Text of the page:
Newby, Gordon D(arnell) 1939-
NEWBY, Gordon D(arnell) 1939-
Born December 16, 1939, in Salt Lake City, UT; married, 1992; children: four. Education: University of Utah, B.A., 1962; Brandeis University, M.A., 1964, Ph.D., 1966.
Home—P.O. Box 537, Kilgo Cir., Atlanta, GA 30322. Office—Department of Middle Eastern Studies, Emory University, Atlanta, GA 30322. E-mail—[email protected].
Washington State University, Pullman, WA, assistant professor of history, 1966-67; Brandeis University, Waltham, MA, assistant professor of Mediterranean Studies, 1967-76, North Carolina State University, Raleigh, NC, associate professor, 1976-89, professor of history, 1989-93, professor and associate member of Department of Philosophy and Religion, 1989-93, assistant department head, 1980-82; Emory University, Atlanta, GA, professor of Middle Eastern Studies and department chairman, 1993—, executive director, Institute for Comparative International Studies, chair, Graduate Program in West and South Asian Religions. Research affiliate, Harvard University Center for Middle Eastern Studies, 1974-76. Phillips Research Fellow in Jewish Studies, St. John's University, 1991-92. Member of board of directors, Consultation on Biblical Ethics and Exegesis of the Society of Biblical Literature.
American Academy of Religion (member of History of Judaism Steering Committee, 1988-91, member of Islam Steering Committee, 1988-95, chair of Judaism-Islam committee), American Society for the Study of Religion, American Oriental Society (chair of Islamic Studies Section, 1989-93), Middle East Studies Association, Medieval Academy of America.
National Defense fellowship, 1962-66; National Humanities Center fellowship, 1990-91; Fulbright fellowship, 1995.
A History of the Jews of Arabia: From Ancient Times to Their Eclipse under Islam, University of South Carolina (Columbia, SC), 1988.
The Making of the Last Prophet: A Reconstruction of the Earliest Biography of Muhammad, University of South Carolina (Columbia, SC), 1989.
A Concise Encyclopedia of Islam, Oneworld (Oxford, England), 2002.
Founding editor, Medieval Encounters, 1994—. Contributor of scholarly articles to periodicals and symposia.
Gordon D. Newby is a historian and scholar of religious studies who is particularly interested in the beginnings of Islam and the interaction between Islam and Judaism. In the late 1980s Newby published two scholarly texts, A History of the Jews of Arabia: From Ancient Times to Their Eclipse under Islam and The Making of the Last Prophet: A Reconstruction of the Earliest Biography of Muhammad. In his piece on the works for the Religious Studies Review, William M. Brinner noted: "In spite of all criticisms, quibbles, and disagreements we may have with his work, we are indeed indebted to Gordon Newby.… He has raised anew and with excellent examples some very basic issues that lie behind a great deal of contemporary research and writing in … Near Eastern studies." In the same issue of the Religious Studies Review, Reuven Firestone wrote: "I would like first of all to commend Gordon Newby for the very important contributions he has made with his two studies.… One particularly striking and important aspect of his scholarship lies in his thorough intellectual self-consciousness communicated through both works."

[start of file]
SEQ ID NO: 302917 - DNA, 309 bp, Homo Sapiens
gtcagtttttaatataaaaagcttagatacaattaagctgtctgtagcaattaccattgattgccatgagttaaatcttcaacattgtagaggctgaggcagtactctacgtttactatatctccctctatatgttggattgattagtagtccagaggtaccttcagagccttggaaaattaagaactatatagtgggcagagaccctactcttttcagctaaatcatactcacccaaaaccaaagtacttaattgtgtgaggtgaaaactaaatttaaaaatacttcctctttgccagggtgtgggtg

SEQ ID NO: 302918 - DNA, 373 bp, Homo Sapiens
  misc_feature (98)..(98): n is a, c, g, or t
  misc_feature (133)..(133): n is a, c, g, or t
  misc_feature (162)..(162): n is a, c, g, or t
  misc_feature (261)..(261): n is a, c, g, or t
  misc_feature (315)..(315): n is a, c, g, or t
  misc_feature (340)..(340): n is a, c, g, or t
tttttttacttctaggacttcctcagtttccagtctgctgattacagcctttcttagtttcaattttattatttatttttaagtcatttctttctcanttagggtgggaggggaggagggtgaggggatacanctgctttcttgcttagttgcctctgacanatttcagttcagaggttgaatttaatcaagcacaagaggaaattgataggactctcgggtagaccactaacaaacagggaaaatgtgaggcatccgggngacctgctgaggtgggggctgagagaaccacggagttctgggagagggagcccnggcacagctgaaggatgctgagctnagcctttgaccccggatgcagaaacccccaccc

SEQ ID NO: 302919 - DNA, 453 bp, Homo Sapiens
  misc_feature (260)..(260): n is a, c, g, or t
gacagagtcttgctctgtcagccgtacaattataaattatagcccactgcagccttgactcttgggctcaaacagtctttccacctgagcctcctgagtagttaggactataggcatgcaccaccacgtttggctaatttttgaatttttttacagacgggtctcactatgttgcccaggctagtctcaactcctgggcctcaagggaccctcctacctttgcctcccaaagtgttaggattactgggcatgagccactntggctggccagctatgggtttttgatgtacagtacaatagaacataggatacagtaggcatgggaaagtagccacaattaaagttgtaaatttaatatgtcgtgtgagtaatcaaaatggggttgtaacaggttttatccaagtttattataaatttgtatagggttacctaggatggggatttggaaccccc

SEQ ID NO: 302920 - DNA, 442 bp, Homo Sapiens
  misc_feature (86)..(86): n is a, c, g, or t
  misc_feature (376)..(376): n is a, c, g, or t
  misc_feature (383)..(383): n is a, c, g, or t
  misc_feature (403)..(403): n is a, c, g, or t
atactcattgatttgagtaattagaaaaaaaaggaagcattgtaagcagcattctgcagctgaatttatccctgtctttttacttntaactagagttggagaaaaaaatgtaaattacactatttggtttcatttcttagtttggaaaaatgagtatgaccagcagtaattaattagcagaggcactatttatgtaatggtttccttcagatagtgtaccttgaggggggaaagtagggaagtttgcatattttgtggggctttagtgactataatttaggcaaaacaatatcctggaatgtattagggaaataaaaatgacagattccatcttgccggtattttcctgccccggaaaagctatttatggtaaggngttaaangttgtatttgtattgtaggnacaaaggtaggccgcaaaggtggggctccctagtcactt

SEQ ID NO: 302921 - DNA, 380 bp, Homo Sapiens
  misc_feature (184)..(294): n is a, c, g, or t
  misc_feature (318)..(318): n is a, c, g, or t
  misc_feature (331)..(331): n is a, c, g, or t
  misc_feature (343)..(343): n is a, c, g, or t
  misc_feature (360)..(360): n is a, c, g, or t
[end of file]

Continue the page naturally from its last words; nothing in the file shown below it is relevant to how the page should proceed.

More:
A History of the Jews of Arabia sheds light on the Jewish communities of Arabia in the century prior to the birth of Muhammad, tracing their antecedents back even further in time. Newby uses literary texts as well as religious writings from Islamic and Judaic sources to piece together a description of the intellectual traditions of Arabian Jews. Brinner observed: "The History of the Jews of Arabia is particularly valuable in bringing together so many scattered, unknown, or overlooked data about the Jews of Arabia from earliest times. Most significant, however, is the importance given—at least in the Afterword—to recent Western 'revisionist' historiography in dealing with the origins and earliest period of Islamic history, and within this, the life of the prophet Muhammad." Ronald C. Kiener in the Religious Studies Review maintained that Newby's work is "all the more admirable, for he is able to reconstruct a reasonably whole and comprehensive portrayal of Arabia Jewry."
The Making of the Last Prophet once again draws from multiple sources to recreate a long lost document, the Kitab al-Mubtada, or "Book of Beginnings." Although the book does not exist in its original form, it is quoted and named in many other sources, and it is these that Newby explored in an effort to piece together as much as possible of the original text. In the Middle East Journal, W. Montgomery Watt declared: "This is a work of great importance.… This reconstruction should encourage scholars to look again in detail at the early development of Muslim attitudes to the older religions."
Newby is also author of A Concise Encyclopedia of Islam, an entry in the Oneworld series of reference texts on world religions. The book covers many topics pertaining to Islam, including people, countries with Muslim populations or laws, events of importance to Islam, and the religion's evolving place in world affairs. William P. Collins in Library Journal praised the work as "concise" and "helpful." A Publishers Weekly reviewer found the book to be "an excellent resource … full of data."
BIOGRAPHICAL AND CRITICAL SOURCES:
Library Journal, September 15, 2002, William P. Collins, review of A Concise Encyclopedia of Islam, p. 56.
Middle East Journal, winter, 1990, W. Montgomery Watt, review of The Making of the Last Prophet: A Reconstruction of the Earliest Biography of Muhammad, p. 150.
Publishers Weekly, September 9, 2002, "Primers on the World's Religions," p. 64.
Religious Studies Review, July, 1992, William M. Brinner, Ronald C. Kiener, and Reuven Firestone, reviews of A History of the Jews of Arabia: From Ancient Times to Their Eclipse under Islam and The Making of the Last Prophet. *